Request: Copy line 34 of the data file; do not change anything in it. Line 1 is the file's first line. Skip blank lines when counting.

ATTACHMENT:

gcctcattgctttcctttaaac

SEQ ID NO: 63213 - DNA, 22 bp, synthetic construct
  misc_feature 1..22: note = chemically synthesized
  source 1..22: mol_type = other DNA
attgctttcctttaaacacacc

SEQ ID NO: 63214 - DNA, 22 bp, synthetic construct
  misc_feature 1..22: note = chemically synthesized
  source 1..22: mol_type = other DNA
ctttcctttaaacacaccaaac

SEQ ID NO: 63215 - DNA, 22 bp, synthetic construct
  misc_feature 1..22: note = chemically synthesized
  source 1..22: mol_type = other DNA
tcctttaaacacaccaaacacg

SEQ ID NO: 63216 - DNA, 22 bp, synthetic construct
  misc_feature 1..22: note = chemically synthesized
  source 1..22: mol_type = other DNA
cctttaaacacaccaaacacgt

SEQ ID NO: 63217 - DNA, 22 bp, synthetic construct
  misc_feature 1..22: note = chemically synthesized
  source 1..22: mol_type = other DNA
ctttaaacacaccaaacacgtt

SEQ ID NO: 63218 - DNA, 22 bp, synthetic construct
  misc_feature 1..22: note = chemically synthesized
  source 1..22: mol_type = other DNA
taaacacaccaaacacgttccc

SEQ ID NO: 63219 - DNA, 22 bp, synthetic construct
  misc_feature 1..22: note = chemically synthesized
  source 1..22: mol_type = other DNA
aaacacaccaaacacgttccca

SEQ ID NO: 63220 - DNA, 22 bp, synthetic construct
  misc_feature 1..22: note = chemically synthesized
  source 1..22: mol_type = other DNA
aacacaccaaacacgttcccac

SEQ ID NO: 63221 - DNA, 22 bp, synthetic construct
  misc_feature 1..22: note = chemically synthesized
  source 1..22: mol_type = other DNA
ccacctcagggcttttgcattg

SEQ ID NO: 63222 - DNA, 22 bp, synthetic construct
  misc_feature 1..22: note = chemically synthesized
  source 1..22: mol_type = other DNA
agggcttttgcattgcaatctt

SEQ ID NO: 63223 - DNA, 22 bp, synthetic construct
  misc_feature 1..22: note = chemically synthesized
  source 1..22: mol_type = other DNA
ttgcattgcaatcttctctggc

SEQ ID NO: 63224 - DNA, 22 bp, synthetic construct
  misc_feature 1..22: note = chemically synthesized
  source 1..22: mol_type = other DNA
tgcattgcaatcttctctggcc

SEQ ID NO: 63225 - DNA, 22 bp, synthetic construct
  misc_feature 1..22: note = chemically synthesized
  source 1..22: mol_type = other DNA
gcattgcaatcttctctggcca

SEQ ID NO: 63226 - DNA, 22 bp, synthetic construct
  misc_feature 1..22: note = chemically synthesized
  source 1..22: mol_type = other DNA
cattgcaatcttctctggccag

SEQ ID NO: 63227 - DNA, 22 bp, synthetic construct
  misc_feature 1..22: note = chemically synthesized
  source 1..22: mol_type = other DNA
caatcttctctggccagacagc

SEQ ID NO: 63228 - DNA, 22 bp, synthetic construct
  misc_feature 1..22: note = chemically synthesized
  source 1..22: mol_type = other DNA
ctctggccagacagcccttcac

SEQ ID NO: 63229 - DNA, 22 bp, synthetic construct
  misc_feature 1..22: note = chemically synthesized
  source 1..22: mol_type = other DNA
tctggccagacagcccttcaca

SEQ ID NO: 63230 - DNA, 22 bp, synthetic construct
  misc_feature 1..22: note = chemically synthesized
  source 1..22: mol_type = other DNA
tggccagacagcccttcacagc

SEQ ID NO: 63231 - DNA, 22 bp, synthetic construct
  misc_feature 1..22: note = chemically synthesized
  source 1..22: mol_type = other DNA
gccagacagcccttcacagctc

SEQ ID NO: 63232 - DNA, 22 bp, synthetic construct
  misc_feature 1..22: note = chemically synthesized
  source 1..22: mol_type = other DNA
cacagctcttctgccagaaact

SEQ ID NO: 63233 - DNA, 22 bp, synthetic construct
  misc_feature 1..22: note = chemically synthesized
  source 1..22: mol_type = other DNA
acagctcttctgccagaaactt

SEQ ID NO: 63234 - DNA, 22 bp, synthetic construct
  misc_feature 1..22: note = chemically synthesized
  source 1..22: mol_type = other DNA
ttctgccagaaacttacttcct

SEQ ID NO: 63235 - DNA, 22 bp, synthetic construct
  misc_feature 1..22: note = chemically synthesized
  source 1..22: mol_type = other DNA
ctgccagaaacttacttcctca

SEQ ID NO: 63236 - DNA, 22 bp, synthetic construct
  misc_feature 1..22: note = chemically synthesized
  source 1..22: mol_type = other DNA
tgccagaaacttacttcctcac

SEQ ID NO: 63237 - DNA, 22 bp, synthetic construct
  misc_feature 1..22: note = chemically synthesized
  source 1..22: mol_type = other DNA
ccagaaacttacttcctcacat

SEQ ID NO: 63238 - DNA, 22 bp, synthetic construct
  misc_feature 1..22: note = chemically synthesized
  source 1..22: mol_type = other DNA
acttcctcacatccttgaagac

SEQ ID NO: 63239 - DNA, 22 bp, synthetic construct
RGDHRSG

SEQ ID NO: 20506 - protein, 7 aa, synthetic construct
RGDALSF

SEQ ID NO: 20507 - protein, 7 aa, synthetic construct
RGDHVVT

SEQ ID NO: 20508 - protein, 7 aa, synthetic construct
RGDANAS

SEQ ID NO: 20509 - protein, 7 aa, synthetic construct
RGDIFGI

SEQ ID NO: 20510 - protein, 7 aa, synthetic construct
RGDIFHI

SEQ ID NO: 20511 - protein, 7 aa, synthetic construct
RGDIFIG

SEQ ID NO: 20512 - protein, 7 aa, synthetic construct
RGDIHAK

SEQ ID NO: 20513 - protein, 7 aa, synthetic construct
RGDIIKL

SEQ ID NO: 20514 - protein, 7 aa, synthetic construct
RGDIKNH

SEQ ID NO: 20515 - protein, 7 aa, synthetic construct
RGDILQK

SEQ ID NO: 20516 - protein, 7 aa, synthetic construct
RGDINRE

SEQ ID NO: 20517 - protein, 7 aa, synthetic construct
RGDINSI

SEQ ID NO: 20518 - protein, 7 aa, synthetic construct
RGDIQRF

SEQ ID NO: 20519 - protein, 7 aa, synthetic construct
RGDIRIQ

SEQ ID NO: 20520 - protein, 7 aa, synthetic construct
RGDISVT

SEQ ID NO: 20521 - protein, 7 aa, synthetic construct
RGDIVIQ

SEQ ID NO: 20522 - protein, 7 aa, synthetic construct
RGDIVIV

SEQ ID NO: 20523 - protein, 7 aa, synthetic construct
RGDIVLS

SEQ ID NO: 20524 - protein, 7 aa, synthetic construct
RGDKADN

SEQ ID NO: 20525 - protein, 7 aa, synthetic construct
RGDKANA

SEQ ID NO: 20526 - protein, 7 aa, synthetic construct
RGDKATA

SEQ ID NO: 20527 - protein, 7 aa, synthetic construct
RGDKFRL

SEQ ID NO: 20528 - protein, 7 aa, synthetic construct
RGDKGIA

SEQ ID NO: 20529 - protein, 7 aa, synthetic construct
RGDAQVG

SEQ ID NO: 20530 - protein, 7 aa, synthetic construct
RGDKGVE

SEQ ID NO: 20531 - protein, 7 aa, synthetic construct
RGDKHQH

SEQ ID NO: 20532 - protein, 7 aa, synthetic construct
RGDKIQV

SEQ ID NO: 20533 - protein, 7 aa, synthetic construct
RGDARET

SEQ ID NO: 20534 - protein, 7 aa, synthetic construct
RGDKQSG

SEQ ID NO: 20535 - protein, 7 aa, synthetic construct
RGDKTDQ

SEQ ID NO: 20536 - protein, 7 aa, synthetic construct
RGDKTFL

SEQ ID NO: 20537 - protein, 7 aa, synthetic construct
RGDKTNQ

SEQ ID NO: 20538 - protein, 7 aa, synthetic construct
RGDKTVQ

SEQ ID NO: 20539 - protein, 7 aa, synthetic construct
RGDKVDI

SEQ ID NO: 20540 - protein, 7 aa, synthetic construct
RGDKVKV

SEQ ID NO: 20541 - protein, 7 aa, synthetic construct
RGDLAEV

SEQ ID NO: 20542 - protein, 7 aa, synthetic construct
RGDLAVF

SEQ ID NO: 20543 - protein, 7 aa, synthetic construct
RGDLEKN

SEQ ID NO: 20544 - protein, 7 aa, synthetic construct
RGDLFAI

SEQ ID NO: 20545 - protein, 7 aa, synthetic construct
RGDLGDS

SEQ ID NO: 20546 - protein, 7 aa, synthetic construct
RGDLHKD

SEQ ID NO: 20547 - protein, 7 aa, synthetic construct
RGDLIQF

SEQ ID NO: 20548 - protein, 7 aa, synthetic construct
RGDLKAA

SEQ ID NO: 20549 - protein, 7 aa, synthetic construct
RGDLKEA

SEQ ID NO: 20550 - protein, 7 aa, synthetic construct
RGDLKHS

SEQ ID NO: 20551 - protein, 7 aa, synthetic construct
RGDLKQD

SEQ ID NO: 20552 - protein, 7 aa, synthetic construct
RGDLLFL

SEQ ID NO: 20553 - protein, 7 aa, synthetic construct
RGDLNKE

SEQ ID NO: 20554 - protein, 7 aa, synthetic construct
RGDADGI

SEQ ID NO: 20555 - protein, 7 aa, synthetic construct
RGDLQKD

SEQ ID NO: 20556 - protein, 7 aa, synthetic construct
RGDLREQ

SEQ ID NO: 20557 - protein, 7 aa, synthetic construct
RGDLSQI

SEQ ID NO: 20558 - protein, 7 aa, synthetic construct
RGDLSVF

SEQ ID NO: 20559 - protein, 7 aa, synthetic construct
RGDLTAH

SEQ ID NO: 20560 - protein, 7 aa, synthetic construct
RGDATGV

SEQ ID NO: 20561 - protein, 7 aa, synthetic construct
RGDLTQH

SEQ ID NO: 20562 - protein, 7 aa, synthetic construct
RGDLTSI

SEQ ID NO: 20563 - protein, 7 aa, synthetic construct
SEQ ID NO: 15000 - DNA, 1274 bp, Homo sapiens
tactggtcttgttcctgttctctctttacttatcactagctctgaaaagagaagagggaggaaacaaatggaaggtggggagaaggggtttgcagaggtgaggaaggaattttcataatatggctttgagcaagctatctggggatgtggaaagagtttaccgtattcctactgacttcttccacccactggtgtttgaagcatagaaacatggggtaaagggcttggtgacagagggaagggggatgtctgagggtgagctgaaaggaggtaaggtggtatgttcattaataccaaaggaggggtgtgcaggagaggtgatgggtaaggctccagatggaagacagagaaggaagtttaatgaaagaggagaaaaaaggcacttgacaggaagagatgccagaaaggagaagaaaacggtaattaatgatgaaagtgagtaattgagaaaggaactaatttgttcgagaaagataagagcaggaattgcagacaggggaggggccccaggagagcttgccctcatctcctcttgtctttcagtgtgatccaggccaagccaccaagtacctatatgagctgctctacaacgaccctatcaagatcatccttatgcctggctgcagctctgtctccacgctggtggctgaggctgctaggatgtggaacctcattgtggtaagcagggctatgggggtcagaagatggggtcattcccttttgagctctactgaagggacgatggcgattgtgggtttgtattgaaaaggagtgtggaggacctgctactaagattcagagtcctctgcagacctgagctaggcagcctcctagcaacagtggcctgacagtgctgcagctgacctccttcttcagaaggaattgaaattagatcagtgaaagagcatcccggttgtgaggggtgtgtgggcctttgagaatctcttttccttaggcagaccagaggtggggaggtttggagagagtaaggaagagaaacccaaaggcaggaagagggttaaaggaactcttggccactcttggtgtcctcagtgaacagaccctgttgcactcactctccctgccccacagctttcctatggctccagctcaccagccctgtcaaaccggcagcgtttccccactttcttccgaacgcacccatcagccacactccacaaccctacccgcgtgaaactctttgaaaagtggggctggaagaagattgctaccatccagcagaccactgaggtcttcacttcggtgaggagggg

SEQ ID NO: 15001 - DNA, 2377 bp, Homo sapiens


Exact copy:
SEQ ID NO: 63221 - DNA, 22 bp, synthetic construct